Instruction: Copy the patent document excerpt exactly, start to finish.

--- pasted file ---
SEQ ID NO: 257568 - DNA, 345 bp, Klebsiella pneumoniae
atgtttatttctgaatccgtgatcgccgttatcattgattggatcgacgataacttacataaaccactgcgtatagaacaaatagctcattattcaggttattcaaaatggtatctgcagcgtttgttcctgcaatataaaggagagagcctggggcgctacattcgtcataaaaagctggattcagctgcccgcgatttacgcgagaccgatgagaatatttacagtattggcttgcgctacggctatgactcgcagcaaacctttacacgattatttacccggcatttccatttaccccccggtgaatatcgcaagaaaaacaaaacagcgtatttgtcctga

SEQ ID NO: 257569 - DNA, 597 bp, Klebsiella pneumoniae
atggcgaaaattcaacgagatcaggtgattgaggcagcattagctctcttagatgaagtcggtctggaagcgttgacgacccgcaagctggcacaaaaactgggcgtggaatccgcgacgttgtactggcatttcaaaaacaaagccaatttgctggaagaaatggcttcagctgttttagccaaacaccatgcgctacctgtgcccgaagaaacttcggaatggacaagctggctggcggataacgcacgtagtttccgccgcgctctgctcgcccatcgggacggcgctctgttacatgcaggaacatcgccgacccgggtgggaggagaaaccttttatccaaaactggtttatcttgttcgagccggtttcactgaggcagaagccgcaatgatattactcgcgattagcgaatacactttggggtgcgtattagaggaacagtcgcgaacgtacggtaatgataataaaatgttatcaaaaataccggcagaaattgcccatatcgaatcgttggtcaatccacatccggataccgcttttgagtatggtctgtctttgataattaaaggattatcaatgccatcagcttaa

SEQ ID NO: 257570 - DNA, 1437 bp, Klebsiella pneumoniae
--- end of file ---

SEQ ID NO: 257568 - DNA, 345 bp, Klebsiella pneumoniae
atgtttatttctgaatccgtgatcgccgttatcattgattggatcgacgataacttacataaaccactgcgtatagaacaaatagctcattattcaggttattcaaaatggtatctgcagcgtttgttcctgcaatataaaggagagagcctggggcgctacattcgtcataaaaagctggattcagctgcccgcgatttacgcgagaccgatgagaatatttacagtattggcttgcgctacggctatgactcgcagcaaacctttacacgattatttacccggcatttccatttaccccccggtgaatatcgcaagaaaaacaaaacagcgtatttgtcctga

SEQ ID NO: 257569 - DNA, 597 bp, Klebsiella pneumoniae
atggcgaaaattcaacgagatcaggtgattgaggcagcattagctctcttagatgaagtcggtctggaagcgttgacgacccgcaagctggcacaaaaactgggcgtggaatccgcgacgttgtactggcatttcaaaaacaaagccaatttgctggaagaaatggcttcagctgttttagccaaacaccatgcgctacctgtgcccgaagaaacttcggaatggacaagctggctggcggataacgcacgtagtttccgccgcgctctgctcgcccatcgggacggcgctctgttacatgcaggaacatcgccgacccgggtgggaggagaaaccttttatccaaaactggtttatcttgttcgagccggtttcactgaggcagaagccgcaatgatattactcgcgattagcgaatacactttggggtgcgtattagaggaacagtcgcgaacgtacggtaatgataataaaatgttatcaaaaataccggcagaaattgcccatatcgaatcgttggtcaatccacatccggataccgcttttgagtatggtctgtctttgataattaaaggattatcaatgccatcagcttaa

SEQ ID NO: 257570 - DNA, 1437 bp, Klebsiella pneumoniae